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All-Star games continue to underwhelm

By Matt Bowker
Sports Editor 

If you are like most people, you probably made the wise decision to pass on watching this year’s Pro Bowl. If you did unfortunately watch the game, my only question for you is: Why?

For years, the Pro Bowl, as well as every All-Star game in the major sports, has been a joke. It’s a football game without the hitting, effort and meaning of a true NFL game. You would be more entertained watching a local pee-wee football game or your little brothers play Madden. Those 5-year olds may not know the rules, but at least they give it their all.

The problem with All-Star games is that the players refuse to subject themselves to injury by participating in these games, and rightly so. Why should players risk losing millions of dollars to play in a game that has absolutely no meaning or consequences? Players have no incentives to play in these games. This year, Andy Dalton of the Cincinnati Bengals made the Pro Bowl coming off an exceptionally average season, because seven quarterbacks in front of him dropped out of the game. This man has no business in a game with the purpose of showcasing the best talent in the league. He’s a ginger, for God’s sake! He belongs in the Weasley family, not in an All-Star game.

The NFL and NHL have tried various things to attempt to spark interest in the games. Both leagues have gone to a fantasy draft format, where team captains select players from the league, regardless of conference. This is a good building block to success, which certainly adds some interest to the event. It is fun to see bitter rivals play on the same and teammates play against each other.

The NFL has toyed with moving the game to the week before the Super Bowl in the host city. That way, they would play the game while football season is still ongoing rather than the week after when football is an afterthought. The problem with this is that the Super Bowl is played almost exclusively in the same five stadiums. The NFL should learn from the other three major leagues and host the Pro Bowl in a different city each year. This would ensure higher ticket sales to the game. Say the game is played in Jacksonville. The Jaguars are terrible, and their fan base has not seen an All-Star player since the fall of the Berlin Wall. Fans in the area might go to the game just to see what a star player is and to escape the reality of living in the armpit of Florida for a few hours.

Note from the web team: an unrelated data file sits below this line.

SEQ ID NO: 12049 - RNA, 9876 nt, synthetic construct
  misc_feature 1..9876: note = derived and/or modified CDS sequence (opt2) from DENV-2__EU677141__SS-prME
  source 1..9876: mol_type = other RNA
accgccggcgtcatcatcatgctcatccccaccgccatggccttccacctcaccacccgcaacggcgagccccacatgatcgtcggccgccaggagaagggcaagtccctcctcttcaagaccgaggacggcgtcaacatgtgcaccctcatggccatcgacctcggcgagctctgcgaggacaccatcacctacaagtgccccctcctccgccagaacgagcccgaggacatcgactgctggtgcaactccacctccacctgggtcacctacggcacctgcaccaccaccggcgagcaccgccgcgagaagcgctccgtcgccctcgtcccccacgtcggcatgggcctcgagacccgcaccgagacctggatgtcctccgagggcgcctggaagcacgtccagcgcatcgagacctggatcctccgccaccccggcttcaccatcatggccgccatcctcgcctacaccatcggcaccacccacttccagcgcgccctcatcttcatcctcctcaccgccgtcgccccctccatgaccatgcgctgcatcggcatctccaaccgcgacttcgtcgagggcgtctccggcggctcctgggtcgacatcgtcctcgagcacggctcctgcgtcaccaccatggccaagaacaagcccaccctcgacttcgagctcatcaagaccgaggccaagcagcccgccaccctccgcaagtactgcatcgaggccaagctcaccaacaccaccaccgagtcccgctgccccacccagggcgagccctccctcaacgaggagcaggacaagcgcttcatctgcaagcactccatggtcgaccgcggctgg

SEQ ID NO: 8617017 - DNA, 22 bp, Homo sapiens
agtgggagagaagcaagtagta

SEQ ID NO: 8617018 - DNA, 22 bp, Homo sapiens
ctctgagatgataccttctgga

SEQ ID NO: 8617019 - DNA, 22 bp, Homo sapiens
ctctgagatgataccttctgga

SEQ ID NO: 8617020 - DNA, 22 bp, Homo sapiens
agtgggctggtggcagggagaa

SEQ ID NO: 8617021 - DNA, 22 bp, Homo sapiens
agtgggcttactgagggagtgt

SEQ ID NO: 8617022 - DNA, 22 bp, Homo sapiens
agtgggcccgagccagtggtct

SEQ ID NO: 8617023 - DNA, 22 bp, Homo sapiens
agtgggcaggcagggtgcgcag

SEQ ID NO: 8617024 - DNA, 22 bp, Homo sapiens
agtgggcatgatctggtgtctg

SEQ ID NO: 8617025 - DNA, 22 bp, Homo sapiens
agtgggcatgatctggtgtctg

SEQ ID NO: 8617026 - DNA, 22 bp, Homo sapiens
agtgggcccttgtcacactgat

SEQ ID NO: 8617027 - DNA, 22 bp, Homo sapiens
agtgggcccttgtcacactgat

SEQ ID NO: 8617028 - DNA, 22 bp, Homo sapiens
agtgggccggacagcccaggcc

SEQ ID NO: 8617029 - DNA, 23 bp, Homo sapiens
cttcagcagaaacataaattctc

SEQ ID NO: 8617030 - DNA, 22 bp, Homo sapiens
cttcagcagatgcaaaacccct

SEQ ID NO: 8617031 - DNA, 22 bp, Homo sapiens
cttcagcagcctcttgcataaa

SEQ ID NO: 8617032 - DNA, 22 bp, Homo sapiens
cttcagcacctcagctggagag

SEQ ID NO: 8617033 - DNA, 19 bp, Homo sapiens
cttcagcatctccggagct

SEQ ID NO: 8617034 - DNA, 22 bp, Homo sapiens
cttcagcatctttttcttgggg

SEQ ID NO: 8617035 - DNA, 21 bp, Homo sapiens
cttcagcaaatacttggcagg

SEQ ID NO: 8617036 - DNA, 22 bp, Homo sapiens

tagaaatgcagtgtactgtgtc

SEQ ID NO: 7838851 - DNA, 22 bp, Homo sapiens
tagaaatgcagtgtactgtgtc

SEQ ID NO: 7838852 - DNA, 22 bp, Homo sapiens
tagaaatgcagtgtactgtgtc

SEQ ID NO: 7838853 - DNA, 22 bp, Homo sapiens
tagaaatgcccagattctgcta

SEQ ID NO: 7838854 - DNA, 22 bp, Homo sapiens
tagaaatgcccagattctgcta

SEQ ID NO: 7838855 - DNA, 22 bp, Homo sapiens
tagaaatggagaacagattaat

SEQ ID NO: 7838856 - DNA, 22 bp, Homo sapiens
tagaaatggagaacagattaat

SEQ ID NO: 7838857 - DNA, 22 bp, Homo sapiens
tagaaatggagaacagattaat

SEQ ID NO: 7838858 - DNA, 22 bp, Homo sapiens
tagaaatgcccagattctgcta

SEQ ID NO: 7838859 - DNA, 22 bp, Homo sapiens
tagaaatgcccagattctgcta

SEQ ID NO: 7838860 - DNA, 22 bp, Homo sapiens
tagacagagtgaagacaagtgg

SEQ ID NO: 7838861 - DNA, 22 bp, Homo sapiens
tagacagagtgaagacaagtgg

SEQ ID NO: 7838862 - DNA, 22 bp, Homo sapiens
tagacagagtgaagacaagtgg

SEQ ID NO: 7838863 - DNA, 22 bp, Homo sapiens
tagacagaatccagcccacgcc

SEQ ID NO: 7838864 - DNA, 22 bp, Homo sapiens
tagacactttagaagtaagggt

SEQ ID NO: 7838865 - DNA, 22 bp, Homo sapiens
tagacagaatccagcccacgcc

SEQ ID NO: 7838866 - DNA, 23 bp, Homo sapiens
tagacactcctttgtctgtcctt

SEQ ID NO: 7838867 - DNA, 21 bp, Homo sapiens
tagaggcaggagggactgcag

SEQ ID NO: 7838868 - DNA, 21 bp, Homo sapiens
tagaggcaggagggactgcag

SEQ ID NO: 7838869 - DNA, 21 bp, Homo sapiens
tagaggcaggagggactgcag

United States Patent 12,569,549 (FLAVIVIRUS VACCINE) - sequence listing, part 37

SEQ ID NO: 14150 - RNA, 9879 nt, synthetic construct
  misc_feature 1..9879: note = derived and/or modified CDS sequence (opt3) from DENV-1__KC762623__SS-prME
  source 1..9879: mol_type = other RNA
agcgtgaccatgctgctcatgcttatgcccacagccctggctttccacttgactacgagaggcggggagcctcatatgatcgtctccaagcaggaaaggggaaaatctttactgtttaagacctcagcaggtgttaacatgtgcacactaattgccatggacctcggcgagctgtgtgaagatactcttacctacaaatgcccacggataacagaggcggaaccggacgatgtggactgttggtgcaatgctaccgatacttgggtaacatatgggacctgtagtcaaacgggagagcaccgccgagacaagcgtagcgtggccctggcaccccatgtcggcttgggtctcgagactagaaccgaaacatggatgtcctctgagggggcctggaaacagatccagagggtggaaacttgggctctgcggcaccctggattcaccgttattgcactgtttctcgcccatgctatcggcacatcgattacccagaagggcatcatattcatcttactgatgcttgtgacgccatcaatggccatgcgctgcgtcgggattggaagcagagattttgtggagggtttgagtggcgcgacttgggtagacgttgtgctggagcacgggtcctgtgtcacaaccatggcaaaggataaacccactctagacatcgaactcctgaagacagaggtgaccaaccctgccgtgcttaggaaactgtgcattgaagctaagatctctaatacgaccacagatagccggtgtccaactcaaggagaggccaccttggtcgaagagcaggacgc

While the draft and the skills competition in the NHL and NBA are exciting and refreshing, the problem still lies in the main event of the weekend: the game. The MLB has by far the most interesting All-Star game. Tune in to Fox to see which steroid-ridden man will hit the ball the furthest! The game matters because it determines which league will receive home-field advantage in the World Series. This is a great way to ensure players’ interest and effort.

The problem with the NHL and NFL is that they cannot simply copy the MLB’s model. The risk of injury is too high with the physicality of hockey and football, whereas in baseball the biggest risk of injury is getting indigestion from eating one too many dollar dogs.

The NFL, NHL and NBA, to the dismay of fans everywhere, will not change their All-Star format while the events still make money, and sadly they do. So for now, enjoy your mundane football, hockey and basketball All-Star “competitions.”


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